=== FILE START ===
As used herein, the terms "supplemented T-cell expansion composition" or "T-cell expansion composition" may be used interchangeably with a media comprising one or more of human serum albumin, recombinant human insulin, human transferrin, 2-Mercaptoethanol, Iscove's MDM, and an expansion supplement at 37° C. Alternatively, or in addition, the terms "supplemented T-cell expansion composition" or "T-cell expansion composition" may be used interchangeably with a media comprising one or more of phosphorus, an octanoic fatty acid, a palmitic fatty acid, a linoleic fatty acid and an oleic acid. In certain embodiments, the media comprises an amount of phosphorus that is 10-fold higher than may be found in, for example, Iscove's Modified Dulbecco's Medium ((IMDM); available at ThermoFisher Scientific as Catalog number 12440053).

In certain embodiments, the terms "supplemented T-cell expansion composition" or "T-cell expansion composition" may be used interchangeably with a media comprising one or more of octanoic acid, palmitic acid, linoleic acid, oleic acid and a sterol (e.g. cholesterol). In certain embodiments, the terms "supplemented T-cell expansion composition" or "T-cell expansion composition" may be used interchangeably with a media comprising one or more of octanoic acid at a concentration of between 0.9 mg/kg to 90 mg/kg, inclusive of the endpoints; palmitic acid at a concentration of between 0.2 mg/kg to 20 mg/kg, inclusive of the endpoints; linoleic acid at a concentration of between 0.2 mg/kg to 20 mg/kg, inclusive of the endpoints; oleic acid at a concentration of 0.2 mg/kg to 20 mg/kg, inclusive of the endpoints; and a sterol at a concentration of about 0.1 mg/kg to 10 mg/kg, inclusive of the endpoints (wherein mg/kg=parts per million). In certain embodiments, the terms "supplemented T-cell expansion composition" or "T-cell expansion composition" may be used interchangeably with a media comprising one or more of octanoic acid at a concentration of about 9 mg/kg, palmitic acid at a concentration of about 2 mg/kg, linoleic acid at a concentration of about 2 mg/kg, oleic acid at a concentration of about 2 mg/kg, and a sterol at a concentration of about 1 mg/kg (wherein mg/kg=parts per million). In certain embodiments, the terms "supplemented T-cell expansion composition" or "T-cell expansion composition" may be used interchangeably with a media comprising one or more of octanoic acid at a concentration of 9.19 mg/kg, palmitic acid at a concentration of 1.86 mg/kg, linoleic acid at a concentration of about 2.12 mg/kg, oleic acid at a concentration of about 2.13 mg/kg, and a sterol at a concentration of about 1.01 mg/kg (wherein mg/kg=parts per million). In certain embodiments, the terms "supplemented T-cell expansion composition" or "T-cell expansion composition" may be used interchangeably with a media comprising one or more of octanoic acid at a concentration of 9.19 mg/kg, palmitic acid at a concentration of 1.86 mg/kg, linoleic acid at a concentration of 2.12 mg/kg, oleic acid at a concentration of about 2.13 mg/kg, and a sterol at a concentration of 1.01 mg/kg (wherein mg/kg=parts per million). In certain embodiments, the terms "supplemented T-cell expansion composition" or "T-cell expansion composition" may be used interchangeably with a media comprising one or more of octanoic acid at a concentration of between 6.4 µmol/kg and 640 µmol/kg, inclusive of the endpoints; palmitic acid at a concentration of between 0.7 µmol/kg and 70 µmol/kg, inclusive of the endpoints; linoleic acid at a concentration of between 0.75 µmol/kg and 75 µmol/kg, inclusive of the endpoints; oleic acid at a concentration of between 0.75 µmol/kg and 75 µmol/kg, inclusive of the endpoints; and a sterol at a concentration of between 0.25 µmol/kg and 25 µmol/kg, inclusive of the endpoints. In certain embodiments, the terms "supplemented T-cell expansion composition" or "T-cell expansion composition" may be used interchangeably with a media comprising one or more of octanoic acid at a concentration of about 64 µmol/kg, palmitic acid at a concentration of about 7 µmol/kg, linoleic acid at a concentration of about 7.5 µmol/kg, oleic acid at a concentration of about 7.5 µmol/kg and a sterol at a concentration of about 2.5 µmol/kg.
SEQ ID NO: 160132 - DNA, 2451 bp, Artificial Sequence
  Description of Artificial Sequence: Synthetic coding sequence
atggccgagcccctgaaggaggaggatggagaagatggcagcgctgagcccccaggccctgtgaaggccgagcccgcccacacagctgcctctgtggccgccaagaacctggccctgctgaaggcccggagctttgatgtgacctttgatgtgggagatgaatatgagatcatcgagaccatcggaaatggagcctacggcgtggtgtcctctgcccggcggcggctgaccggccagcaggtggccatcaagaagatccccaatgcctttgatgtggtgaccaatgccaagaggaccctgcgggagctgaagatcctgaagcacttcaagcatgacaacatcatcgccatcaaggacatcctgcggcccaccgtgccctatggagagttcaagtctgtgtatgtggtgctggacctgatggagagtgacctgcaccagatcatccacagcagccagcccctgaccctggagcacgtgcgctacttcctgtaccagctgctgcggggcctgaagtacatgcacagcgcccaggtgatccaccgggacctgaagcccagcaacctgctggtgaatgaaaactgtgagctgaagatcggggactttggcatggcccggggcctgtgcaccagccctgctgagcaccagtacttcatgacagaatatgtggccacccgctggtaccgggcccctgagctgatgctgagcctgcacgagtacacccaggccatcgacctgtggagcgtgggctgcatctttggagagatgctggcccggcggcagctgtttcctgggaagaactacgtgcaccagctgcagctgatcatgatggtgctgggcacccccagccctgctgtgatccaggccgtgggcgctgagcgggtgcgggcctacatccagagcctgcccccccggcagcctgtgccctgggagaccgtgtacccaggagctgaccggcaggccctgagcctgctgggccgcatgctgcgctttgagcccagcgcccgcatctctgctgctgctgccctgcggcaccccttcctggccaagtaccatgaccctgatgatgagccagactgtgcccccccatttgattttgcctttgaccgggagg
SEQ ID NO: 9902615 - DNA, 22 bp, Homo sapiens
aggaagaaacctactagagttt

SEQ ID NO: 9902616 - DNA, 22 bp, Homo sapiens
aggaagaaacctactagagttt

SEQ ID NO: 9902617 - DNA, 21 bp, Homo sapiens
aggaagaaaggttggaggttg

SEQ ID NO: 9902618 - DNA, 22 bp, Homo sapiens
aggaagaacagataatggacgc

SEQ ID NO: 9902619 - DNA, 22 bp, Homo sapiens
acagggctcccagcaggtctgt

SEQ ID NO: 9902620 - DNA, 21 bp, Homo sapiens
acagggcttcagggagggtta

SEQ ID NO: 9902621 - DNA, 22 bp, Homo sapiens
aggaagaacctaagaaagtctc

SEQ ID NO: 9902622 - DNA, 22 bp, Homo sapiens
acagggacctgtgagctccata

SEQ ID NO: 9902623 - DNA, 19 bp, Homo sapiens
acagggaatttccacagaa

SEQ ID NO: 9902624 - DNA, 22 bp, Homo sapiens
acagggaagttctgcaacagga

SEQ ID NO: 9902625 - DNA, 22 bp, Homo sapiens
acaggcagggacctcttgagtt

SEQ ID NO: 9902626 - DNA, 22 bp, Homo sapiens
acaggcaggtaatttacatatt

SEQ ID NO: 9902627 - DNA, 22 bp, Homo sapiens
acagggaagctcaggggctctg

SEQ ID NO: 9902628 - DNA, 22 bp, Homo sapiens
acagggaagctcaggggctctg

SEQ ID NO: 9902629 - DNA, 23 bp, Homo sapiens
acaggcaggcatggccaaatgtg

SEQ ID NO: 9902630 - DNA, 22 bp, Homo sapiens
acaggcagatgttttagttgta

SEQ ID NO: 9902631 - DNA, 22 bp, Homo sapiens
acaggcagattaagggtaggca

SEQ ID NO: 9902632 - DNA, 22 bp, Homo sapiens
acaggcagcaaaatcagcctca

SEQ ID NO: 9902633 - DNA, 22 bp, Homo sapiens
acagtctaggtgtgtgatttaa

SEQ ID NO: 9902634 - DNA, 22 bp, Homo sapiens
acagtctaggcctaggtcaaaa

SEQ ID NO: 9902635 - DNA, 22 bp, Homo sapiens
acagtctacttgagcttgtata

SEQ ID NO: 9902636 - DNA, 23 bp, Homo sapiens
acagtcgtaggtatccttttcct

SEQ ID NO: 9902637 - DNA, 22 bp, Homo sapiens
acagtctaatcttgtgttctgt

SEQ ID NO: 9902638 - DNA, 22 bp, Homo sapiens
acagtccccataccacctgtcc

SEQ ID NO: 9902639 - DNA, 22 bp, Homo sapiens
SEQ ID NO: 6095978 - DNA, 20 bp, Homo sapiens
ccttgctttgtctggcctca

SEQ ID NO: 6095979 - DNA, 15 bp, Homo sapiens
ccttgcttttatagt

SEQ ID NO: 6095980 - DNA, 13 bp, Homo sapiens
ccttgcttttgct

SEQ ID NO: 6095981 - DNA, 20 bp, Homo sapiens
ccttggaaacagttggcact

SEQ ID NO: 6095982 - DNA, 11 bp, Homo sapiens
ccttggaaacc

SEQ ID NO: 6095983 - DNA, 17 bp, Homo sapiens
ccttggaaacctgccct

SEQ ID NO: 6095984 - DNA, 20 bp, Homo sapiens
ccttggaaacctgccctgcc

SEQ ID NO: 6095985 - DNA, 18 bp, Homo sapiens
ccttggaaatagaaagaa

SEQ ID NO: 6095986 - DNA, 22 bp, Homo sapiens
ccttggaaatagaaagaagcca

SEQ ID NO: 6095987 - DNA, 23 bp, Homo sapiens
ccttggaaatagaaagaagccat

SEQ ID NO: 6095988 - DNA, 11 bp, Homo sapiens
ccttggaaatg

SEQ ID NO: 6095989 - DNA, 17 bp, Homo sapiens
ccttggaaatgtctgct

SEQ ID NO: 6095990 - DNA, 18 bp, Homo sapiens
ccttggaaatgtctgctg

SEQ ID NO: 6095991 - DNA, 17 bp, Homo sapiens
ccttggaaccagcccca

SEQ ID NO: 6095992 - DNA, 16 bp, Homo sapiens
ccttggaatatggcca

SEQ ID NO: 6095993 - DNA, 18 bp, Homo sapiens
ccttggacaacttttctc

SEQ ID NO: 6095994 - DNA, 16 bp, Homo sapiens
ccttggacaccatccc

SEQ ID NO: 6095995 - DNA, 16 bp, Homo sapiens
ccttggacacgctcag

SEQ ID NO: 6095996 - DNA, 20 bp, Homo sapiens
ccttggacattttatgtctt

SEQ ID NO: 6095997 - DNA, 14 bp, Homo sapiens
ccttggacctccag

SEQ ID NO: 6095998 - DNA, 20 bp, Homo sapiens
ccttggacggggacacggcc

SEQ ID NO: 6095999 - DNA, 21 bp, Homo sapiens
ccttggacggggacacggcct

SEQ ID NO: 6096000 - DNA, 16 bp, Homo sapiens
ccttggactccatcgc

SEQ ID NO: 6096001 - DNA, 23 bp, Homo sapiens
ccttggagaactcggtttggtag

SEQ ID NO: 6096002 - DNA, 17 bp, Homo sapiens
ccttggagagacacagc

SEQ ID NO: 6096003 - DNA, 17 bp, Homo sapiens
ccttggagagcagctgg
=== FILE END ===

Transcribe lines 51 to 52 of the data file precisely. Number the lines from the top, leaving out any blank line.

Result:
acagtctaatcttgtgttctgt

SEQ ID NO: 9902638 - DNA, 22 bp, Homo sapiens